Found 4300 Hypotheses across 430 Pages (0.004 seconds)
  1. Most hunter-gatherers are peaceful (443).Ember, Carol R. - Myths about hunter-gatherers, 1978 - 1 Variables

    This article challenges common assumptions about hunter-gatherers and demonstrates that previous ideas about residence, division of labor and warfare are not supported by the cross-cultural data.

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  2. Gathering is the most important subsistence activity among hunter-gatherers (440).Ember, Carol R. - Myths about hunter-gatherers, 1978 - 1 Variables

    This article challenges common assumptions about hunter-gatherers and demonstrates that previous ideas about residence, division of labor and warfare are not supported by the cross-cultural data.

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  3. Among hunter-gatherers, women contribute more to subsistence than men (441).Ember, Carol R. - Myths about hunter-gatherers, 1978 - 1 Variables

    This article challenges common assumptions about hunter-gatherers and demonstrates that previous ideas about residence, division of labor and warfare are not supported by the cross-cultural data.

    Related HypothesesCite
  4. ". . . the more unpredictable the resources, the more residence should tend toward bilocality" (215)Ember, Carol R. - Residential variation among hunter-gatherers, 1975 - 2 Variables

    This study explores predictors of variation in two dimensions of marital residence patterns among hunter-gatherers: 1) the tendency toward patrilocality versus matrilocality and 2) the tendency toward unilocality versus bilocality.

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  5. ". . . among hunter-gatherers, those with smaller bands or communities would tend toward bilocality, while those with larger bands or communities should be able to maintain unilocality" (218)Ember, Carol R. - Residential variation among hunter-gatherers, 1975 - 2 Variables

    This study explores predictors of variation in two dimensions of marital residence patterns among hunter-gatherers: 1) the tendency toward patrilocality versus matrilocality and 2) the tendency toward unilocality versus bilocality.

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  6. ". . . the more a hunter-gatherer society depends upon hunting, the more they should tend toward patrilocality . . ." (202)Ember, Carol R. - Residential variation among hunter-gatherers, 1975 - 2 Variables

    This study explores predictors of variation in two dimensions of marital residence patterns among hunter-gatherers: 1) the tendency toward patrilocality versus matrilocality and 2) the tendency toward unilocality versus bilocality.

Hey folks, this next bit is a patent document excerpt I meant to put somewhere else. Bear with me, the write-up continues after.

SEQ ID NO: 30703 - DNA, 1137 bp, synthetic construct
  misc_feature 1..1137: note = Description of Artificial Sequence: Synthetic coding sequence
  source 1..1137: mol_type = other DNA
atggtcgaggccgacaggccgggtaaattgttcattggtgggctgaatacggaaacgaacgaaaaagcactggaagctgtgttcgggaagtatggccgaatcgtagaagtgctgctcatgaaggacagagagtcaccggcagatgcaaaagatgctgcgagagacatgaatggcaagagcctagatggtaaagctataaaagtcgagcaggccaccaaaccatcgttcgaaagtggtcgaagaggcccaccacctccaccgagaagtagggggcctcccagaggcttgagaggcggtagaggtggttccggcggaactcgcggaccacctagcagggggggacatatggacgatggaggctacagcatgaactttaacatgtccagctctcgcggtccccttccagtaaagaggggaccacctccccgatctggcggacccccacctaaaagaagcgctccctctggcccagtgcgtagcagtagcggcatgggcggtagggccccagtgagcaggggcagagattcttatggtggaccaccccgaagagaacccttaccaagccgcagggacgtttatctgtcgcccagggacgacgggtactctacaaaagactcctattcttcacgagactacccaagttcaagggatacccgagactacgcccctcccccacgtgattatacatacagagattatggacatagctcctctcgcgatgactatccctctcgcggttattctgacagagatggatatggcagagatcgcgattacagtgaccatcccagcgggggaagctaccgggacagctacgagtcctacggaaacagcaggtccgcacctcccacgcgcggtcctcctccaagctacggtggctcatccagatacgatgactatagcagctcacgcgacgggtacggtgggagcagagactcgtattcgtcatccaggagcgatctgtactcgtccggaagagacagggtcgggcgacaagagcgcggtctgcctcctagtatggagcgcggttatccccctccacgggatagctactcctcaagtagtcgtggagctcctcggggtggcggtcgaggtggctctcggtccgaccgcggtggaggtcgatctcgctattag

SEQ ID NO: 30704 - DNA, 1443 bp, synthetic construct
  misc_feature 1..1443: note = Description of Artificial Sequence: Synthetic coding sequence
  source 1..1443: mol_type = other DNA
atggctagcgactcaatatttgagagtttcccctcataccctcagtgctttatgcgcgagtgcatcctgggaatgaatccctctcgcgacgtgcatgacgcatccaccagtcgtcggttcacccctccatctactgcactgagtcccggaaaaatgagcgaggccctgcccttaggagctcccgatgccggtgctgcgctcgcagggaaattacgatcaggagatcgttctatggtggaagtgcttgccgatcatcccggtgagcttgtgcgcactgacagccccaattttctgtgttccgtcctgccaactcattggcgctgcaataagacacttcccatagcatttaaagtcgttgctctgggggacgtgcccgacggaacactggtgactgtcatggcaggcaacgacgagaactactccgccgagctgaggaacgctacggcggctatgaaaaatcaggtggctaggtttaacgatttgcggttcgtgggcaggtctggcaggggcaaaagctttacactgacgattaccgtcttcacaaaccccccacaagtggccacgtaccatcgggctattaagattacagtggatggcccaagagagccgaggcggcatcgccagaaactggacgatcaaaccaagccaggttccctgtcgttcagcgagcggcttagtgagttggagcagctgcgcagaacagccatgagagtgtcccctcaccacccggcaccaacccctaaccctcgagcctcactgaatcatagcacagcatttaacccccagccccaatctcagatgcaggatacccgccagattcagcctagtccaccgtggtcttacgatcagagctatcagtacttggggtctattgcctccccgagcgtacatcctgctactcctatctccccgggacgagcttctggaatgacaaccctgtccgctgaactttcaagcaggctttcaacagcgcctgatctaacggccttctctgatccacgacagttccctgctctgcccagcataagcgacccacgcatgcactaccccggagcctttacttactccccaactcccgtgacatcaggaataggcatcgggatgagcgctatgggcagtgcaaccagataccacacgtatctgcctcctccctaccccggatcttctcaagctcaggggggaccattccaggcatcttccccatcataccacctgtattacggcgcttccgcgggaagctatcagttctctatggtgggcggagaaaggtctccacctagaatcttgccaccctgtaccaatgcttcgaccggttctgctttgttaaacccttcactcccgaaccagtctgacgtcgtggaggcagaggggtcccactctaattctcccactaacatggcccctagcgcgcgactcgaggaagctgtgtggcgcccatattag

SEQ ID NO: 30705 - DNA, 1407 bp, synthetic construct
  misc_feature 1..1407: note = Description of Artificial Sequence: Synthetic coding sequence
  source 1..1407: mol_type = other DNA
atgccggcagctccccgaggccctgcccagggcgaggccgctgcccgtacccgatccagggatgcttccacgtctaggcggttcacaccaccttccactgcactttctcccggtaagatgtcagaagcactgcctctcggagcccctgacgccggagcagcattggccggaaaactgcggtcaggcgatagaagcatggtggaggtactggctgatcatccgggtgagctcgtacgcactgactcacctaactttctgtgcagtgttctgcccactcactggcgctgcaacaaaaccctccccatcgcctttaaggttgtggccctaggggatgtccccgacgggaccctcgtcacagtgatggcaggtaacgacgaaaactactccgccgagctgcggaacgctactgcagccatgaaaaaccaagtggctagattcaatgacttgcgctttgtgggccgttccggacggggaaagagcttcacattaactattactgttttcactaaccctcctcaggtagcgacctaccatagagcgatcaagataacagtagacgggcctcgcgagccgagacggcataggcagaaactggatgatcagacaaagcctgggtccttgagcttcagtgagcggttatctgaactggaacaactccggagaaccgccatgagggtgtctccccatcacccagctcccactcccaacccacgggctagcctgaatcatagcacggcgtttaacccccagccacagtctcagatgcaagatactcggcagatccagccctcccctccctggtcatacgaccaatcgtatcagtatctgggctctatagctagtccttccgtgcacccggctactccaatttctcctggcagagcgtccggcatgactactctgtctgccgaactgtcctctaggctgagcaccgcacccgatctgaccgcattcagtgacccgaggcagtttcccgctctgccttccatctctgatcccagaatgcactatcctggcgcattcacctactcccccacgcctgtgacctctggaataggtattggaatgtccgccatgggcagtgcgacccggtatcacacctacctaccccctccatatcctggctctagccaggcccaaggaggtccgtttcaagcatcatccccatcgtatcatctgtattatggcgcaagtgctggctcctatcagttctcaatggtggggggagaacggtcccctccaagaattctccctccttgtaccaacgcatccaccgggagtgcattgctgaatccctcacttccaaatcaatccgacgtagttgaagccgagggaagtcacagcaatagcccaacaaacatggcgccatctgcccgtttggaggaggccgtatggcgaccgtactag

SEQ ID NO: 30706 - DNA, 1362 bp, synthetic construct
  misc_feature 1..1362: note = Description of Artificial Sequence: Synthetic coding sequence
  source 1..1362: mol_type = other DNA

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  7. The more a society depends upon fishing, the more it should tend toward patrilocality. And the more a society depends upon gathering, the more it should tend toward matrilocality (202)Ember, Carol R. - Residential variation among hunter-gatherers, 1975 - 2 Variables

    This study explores predictors of variation in two dimensions of marital residence patterns among hunter-gatherers: 1) the tendency toward patrilocality versus matrilocality and 2) the tendency toward unilocality versus bilocality.

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  8. "In the present hunter gatherer sample . . . when men's [subsistence] contribution is high . . . residence tends toward patrilocality; and when men's contribution is relatively low, residence tends toward matrilocality" (202)Ember, Carol R. - Residential variation among hunter-gatherers, 1975 - 2 Variables

    This study explores predictors of variation in two dimensions of marital residence patterns among hunter-gatherers: 1) the tendency toward patrilocality versus matrilocality and 2) the tendency toward unilocality versus bilocality.

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  9. Societies that have internal warfare or purely external warfare with men contributing a great deal to subsistence should tend toward patrilocality; those with purely external war and high female contribution to subsistence should tend toward matrilocalityEmber, Carol R. - Residential variation among hunter-gatherers, 1975 - 2 Variables

    This study explores predictors of variation in two dimensions of marital residence patterns among hunter-gatherers: 1) the tendency toward patrilocality versus matrilocality and 2) the tendency toward unilocality versus bilocality.

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  10. ". . . in noncommercial societies, where married couples are usually obliged to live and work with kin, depopulation so reduces the feasibility of adhering to a single unilocal rule that couples are forced to live with whichever spouse's close relatives are still alive (213)Ember, Carol R. - Residential variation among hunter-gatherers, 1975 - 2 Variables

    This study explores predictors of variation in two dimensions of marital residence patterns among hunter-gatherers: 1) the tendency toward patrilocality versus matrilocality and 2) the tendency toward unilocality versus bilocality.

    Related HypothesesCite